Is the Cold War between Waterfall and Agile thawing? At its heart, the difference between the two project management methodologies is predictability versus adaptability. Waterfall strives for predictability: Consider the project finished only when all predetermined features are completed and fully implemented. Agile strives for adaptability: Deliver a minimum viable product (MVP) and release new features in an iterative fashion to collect the user feedback that will guide the path of improvements.
What Is Agile-Waterfall Hybrid?
Since being introduced officially more than 20 years ago, Agile has continued to grow in popularity. Widespread throughout software development, the practice has been creeping into areas where Waterfall methodologies have remained dominant. A hybrid approach formalizes the experimentation of using Agile in a larger Waterfall structure.
“True hybrid is a combination of predictive and uncertain work,” says Jim Stewart, a Boston-area Toptal project manager, Scrum master, Agile coach, and instructor. In a hybrid model, Waterfall techniques are used for the well-understood, predictive parts of the project whereas Agile techniques are used for the iterative, more uncertain ones.
In this way, a company can create software in an Agile fashion but roll it out in a Waterfall process. A financial company might develop a product that has several large components that need to be audited and thus cannot be released until they are completed and approved. At the same time, smaller pieces of that larger feature, as well as other aspects of the user interface, can be iterated by the development team through a series of sprints.
When it comes to setting up the right hybrid system for your project, flexibility is key. “I don’t believe in something one-size-fits-all,” says Miroslav Anicin, a Belgrade, Serbia-based project manager who is a part of Toptal’s Project Management screening team and a contributor to this blog. “You can’t go somewhere and apply methodologies by the book. You need to know exactly how to tailor those approaches based on different factors such as team maturity, company culture, subject cultures, the type of project, the size of the team, and the size of the product.”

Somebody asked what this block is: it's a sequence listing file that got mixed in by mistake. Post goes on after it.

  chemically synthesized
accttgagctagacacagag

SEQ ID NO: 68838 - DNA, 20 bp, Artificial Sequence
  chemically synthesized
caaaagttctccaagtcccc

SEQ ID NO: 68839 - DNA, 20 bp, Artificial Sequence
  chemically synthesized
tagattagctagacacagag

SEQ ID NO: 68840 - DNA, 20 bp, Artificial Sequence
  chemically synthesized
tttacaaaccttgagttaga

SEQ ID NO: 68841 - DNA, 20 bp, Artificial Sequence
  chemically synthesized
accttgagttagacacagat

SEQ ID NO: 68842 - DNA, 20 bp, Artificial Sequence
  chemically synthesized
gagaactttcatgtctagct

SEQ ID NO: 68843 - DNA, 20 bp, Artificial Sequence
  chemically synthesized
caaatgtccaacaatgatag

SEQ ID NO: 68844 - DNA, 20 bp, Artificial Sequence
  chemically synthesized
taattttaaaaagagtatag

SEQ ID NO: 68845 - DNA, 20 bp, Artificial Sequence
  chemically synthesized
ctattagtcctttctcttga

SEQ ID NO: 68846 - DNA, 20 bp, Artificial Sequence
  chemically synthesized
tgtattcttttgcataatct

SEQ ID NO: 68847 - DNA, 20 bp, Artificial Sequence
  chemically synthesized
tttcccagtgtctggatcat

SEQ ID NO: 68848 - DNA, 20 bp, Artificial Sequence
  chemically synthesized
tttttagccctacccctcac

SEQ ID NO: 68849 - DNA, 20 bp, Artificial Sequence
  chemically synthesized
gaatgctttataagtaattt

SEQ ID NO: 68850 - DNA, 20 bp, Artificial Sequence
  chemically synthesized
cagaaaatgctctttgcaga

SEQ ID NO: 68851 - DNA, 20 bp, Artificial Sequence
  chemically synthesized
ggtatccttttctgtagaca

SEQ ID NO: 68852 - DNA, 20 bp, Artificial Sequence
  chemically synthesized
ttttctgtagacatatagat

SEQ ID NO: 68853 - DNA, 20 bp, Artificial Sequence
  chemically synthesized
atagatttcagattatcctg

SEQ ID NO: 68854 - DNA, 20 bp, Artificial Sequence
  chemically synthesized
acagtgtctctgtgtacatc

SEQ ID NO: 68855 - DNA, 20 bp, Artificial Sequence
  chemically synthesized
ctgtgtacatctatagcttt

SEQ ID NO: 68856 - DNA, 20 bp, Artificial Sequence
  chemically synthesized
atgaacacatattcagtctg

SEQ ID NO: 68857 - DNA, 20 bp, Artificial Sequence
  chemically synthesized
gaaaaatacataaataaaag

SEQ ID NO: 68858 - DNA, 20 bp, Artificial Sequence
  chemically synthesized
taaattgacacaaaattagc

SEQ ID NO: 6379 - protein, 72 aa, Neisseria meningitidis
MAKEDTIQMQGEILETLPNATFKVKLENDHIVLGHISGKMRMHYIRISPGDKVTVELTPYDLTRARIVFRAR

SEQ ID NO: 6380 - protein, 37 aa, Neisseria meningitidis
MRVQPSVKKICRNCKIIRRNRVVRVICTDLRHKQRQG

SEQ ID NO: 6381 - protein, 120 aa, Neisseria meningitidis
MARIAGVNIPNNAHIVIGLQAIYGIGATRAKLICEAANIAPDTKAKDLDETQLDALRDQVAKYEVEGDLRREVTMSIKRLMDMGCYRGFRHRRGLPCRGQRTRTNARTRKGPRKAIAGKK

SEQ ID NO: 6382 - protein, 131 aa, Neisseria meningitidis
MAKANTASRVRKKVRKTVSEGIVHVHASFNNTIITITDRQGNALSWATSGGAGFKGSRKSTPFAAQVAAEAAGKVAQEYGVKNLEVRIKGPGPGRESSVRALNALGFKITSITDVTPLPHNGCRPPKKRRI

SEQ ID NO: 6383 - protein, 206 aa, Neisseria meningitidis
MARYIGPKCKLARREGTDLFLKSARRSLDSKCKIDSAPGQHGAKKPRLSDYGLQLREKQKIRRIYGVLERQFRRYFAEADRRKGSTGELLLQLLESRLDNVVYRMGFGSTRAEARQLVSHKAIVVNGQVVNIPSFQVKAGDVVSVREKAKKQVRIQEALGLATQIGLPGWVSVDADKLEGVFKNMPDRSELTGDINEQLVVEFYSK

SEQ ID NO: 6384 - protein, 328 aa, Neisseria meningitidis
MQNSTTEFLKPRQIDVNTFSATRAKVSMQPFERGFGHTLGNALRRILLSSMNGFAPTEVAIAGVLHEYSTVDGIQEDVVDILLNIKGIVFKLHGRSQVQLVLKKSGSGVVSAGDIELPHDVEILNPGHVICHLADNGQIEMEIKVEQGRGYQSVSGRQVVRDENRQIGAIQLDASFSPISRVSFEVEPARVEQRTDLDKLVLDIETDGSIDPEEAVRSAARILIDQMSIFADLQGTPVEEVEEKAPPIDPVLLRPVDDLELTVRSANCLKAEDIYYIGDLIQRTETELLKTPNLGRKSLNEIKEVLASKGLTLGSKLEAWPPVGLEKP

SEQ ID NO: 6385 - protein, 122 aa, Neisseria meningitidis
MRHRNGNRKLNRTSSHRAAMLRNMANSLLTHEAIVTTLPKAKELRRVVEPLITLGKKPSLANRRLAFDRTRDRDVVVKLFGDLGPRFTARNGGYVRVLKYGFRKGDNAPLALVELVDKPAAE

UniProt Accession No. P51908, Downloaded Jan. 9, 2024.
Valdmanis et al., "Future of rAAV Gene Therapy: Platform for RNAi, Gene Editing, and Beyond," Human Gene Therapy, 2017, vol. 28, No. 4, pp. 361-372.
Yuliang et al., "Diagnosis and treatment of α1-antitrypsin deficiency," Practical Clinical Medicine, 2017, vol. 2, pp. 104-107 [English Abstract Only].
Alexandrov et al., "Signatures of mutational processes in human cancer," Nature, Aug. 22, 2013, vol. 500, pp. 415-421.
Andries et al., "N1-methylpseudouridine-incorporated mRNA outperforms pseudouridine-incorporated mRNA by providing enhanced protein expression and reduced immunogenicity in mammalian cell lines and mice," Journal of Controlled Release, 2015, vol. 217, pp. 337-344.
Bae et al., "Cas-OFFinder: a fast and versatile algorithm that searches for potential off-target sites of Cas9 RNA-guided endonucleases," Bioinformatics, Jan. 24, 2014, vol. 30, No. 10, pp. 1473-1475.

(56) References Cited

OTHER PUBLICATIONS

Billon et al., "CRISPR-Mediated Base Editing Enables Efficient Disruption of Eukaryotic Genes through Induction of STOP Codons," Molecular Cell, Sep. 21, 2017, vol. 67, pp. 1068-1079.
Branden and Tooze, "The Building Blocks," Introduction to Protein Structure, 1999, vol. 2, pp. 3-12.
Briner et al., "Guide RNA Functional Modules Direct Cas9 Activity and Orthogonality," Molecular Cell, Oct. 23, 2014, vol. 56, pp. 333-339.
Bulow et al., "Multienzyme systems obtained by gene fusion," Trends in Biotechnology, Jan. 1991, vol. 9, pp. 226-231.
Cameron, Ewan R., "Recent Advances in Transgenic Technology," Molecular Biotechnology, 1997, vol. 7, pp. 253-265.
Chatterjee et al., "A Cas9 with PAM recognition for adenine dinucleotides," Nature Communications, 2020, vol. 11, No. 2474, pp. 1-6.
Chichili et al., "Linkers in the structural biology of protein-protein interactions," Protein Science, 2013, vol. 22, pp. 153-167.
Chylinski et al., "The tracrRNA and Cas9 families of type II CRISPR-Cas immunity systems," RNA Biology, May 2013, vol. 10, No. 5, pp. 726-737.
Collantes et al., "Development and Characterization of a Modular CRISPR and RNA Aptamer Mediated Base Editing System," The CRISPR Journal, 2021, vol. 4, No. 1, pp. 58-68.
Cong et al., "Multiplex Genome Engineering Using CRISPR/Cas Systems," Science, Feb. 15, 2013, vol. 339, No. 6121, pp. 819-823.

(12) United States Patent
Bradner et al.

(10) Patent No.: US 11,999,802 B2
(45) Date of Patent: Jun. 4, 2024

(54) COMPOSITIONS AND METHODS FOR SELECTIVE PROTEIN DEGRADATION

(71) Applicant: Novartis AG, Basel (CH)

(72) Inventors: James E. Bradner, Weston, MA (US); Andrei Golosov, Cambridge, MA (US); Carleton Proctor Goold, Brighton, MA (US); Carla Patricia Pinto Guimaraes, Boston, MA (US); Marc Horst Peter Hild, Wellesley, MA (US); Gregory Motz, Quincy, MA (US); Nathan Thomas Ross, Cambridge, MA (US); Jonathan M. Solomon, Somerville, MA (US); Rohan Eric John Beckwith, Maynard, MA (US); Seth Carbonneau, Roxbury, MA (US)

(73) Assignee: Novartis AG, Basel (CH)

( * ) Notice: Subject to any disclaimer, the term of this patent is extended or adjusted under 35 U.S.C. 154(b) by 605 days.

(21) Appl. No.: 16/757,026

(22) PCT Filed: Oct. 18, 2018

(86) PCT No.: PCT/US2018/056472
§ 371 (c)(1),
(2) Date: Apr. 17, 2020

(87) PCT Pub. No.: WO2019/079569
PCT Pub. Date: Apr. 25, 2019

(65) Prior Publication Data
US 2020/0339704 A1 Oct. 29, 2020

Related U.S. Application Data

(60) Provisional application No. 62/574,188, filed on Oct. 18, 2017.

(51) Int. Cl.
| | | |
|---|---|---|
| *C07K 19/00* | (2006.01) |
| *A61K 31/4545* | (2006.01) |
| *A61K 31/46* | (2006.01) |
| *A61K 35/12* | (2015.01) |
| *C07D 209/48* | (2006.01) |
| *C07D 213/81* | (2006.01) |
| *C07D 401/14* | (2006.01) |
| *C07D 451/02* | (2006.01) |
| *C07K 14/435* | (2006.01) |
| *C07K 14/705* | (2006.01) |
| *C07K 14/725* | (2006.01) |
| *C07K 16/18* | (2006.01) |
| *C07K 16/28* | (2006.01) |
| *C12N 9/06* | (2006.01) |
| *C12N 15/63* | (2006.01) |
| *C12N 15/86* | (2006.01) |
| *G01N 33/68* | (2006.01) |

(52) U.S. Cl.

Why Use a Hybrid System?
You might be thinking: Why not go entirely Agile, since that has proven to be more adaptive, innovative, and efficient? Conversely, why not just continue working in Waterfall if that’s what an organization is used to?
Sometimes, there are barriers to going pure Agile, especially in highly regulated industries where products are subject to approvals from outside organizations that require documentation and rigorous timetables. For Juan Vilmaux, a Córdoba, Argentina-based project manager who is also on Toptal’s Project Management screening team, Waterfall is useful in projects where risk is a primary driver, such as in fields where companies face audits. (Since risk analysis needs to be done prior to project planning in these industries, changing something in that analysis would require a new plan.) “I was working for a company that ran clinical trials, and audits are crazy there,” he says. “So you have to go through several processes that are defined by external authorities like the FDA. If you work in Agile, you are constantly adjusting your scope or backlog—reprioritizing it—and that can interfere with these audits.”